The first step when going to an old-school arcade is breaking down your dollar bills into tokens (yeah, that old shtick again). Something similar can be said for cellular respiration, where the glucose (C6H12O6) molecule needs to be broken down into a substance called pyruvate (CH3COCOO−).
Instead of four tokens to the dollar, one glucose molecule is converted into two pyruvate molecules. Sounds like a bit of a rip-off, if you ask us. That's not all, though. Glycolysis also results in two ATP molecules, and two molecules of another compound, NADH.
Glycolysis takes place in the cytoplasm and can happen aerobically or anaerobically—that is, with or without oxygen (aero– is from the Greek meaning "air," while an– means "without"). Look, ma, no oxygen! But don't get too cocky. The later steps of cellular respiration, the citric acid cycle and oxidative phosphorylation, do require oxygen.
The breaking down of glucose is one big redox reaction. Let's go step by step, starting with a glucose molecule, which has six carbons in it:
In pictures, glycolysis looks something like this:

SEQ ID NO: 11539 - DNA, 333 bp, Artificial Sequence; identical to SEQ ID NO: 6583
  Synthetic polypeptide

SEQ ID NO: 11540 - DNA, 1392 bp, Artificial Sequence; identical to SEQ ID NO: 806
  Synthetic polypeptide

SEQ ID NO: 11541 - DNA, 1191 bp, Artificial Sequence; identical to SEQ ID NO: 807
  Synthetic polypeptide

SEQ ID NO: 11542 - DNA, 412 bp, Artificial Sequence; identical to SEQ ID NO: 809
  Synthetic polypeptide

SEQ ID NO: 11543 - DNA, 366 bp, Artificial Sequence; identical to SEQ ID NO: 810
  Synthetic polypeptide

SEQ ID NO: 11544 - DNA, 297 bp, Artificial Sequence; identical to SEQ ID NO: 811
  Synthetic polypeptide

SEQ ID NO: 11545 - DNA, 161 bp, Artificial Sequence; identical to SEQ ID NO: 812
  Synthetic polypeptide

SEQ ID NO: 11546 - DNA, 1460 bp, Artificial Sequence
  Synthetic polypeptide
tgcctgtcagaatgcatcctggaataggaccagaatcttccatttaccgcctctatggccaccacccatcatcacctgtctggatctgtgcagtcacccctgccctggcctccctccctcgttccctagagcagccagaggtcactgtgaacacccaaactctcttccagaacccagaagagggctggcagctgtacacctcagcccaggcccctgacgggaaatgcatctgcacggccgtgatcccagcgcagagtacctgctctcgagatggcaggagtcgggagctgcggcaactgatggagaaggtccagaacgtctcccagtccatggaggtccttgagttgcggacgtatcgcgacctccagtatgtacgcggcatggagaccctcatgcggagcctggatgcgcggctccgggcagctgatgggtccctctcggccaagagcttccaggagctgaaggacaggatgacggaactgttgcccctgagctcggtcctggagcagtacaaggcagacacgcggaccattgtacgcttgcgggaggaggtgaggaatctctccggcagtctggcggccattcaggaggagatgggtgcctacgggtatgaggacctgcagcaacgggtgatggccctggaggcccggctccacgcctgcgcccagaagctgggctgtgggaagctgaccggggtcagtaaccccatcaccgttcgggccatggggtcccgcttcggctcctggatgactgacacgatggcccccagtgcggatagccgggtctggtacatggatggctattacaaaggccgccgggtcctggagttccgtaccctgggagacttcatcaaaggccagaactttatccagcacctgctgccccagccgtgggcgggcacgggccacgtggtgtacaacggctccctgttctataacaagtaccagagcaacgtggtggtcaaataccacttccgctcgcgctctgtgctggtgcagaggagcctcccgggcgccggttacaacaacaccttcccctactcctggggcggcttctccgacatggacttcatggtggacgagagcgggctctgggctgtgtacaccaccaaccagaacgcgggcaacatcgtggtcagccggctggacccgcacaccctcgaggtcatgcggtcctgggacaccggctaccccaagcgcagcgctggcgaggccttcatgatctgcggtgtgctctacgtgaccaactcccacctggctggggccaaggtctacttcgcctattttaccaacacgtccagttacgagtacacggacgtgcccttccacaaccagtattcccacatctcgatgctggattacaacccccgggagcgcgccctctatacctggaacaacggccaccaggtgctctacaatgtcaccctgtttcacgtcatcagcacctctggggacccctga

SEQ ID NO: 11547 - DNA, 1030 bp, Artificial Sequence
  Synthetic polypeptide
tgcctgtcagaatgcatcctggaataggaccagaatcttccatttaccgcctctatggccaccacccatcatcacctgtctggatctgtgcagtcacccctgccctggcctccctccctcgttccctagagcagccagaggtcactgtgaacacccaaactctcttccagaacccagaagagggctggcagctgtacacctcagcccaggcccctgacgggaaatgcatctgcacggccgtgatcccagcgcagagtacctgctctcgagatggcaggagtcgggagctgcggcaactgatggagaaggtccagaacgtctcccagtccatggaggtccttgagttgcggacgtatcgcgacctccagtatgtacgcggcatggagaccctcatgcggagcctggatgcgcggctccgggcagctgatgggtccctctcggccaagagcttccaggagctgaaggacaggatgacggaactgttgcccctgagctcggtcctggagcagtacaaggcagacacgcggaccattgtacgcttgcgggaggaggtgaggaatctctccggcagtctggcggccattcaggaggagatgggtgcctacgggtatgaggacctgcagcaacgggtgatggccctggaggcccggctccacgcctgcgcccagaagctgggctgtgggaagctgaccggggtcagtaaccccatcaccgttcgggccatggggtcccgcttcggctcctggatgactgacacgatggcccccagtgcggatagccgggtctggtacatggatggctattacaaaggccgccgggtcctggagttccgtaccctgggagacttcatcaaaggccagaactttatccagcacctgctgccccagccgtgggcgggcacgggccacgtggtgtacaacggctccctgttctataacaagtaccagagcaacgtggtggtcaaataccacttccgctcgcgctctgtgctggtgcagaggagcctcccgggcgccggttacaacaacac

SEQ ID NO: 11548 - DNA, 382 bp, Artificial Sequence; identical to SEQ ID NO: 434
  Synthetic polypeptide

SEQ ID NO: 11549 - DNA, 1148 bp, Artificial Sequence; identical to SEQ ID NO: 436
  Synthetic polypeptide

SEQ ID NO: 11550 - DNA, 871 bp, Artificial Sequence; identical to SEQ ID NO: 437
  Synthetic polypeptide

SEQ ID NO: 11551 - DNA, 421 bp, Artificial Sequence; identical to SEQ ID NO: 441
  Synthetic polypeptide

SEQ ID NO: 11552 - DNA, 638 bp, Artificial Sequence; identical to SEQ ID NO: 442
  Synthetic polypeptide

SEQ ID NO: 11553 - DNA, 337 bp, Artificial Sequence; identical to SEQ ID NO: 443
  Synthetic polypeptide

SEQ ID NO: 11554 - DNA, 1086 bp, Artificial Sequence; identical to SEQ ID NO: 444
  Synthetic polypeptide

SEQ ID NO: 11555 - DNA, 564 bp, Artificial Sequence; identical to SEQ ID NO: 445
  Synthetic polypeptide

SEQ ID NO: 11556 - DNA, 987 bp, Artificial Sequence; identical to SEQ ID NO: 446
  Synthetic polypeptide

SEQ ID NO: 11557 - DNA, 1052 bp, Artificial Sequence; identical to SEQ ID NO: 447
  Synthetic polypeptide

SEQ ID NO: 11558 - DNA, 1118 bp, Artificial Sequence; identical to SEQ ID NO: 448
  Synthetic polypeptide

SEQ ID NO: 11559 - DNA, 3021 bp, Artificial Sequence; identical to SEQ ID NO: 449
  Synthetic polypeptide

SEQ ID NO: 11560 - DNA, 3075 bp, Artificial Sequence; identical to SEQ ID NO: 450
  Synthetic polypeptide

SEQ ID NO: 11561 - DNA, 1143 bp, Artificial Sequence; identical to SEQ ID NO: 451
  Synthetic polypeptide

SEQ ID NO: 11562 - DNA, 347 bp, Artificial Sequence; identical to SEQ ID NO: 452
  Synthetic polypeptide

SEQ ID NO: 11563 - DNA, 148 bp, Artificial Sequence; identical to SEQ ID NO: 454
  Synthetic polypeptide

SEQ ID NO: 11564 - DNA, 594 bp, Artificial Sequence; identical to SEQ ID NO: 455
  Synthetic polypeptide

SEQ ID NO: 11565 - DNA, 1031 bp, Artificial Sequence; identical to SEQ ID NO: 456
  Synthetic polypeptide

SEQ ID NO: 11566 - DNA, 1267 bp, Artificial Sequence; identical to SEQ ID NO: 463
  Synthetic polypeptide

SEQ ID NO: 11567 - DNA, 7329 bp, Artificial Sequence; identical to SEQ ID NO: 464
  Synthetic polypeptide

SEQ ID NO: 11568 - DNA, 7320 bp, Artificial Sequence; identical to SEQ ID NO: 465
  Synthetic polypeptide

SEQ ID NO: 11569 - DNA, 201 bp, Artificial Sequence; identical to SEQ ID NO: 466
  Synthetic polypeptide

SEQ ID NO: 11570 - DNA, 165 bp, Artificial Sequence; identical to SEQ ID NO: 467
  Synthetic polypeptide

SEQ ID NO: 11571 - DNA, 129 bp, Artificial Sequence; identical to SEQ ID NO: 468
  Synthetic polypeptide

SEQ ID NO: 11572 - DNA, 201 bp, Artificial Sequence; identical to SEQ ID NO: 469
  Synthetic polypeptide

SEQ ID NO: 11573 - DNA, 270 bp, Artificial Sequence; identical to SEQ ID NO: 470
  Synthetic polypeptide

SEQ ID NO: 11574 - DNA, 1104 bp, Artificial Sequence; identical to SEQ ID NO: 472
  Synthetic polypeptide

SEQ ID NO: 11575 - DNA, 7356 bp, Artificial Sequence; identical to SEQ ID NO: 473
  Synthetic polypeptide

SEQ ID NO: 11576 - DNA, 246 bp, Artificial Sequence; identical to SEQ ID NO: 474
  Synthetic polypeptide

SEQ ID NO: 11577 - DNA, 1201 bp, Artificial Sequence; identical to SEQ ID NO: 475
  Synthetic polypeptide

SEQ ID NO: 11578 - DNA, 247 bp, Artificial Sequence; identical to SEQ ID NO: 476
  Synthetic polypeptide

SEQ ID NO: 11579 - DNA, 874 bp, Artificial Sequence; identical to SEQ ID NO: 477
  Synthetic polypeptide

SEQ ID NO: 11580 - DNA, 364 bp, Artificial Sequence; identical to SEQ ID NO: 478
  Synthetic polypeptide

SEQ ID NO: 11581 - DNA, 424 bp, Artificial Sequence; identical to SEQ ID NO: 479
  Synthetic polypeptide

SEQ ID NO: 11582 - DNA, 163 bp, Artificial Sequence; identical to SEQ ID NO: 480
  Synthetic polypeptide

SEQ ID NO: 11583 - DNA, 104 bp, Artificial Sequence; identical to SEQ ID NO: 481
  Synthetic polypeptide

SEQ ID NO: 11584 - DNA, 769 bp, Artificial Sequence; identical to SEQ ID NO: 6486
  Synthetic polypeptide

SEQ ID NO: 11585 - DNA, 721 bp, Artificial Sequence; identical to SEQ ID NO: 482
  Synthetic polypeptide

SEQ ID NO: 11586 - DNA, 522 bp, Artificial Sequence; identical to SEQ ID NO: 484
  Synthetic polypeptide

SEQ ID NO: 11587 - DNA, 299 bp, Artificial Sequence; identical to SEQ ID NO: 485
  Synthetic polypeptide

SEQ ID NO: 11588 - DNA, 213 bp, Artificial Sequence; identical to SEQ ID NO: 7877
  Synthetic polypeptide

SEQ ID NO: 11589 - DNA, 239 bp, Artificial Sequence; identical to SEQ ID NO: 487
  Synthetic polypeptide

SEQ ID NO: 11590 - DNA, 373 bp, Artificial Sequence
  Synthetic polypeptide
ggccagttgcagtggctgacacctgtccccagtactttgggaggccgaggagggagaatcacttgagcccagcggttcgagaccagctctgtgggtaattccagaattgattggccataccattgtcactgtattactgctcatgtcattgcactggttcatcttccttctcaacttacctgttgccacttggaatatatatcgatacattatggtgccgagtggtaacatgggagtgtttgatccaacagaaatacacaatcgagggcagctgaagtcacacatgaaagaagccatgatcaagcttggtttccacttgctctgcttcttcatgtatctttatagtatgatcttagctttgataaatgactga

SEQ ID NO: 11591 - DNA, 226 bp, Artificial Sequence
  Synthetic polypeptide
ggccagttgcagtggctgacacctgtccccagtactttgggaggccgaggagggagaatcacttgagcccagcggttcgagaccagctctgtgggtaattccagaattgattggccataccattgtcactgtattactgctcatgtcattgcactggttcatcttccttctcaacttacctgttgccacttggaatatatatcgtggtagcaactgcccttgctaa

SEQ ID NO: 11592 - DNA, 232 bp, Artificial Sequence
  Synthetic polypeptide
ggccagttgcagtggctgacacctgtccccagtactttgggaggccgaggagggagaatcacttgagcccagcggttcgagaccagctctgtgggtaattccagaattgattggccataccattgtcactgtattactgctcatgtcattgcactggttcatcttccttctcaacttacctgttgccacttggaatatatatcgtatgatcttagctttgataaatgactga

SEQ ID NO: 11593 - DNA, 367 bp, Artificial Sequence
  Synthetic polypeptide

Now that we got through the inner workings of glycolysis, let's see what we ended up with. We have:
Wait, didn't we make four ATP? Good. Someone's paying attention. Remember, phosphates from two ATP were needed to get things moving in Step 1. We have to give those back, which means the net gain is two ATP.
The whole kit and caboodle of glycolysis looks like this:
1 Glucose + 2 NAD+ + 2 ATP → 2 Pyruvates + 2 ATP + 2 NADH + 2H+
You don't need to memorize this reaction. We just think it's awesome that the whole lengthy process can be written so neatly.
You'll sometimes see the terms "pyruvate" and "pyruvic acid" used interchangeably. But don't be fooled. They're not the same thing. Can you spot the difference? Hint: one little proton can be a game changer.
Pyruvate is the end product of glycolysis, while pyruvic acid supplies energy in the citric acid cycle. Gotta watch out for those protons. They are tricky little critters.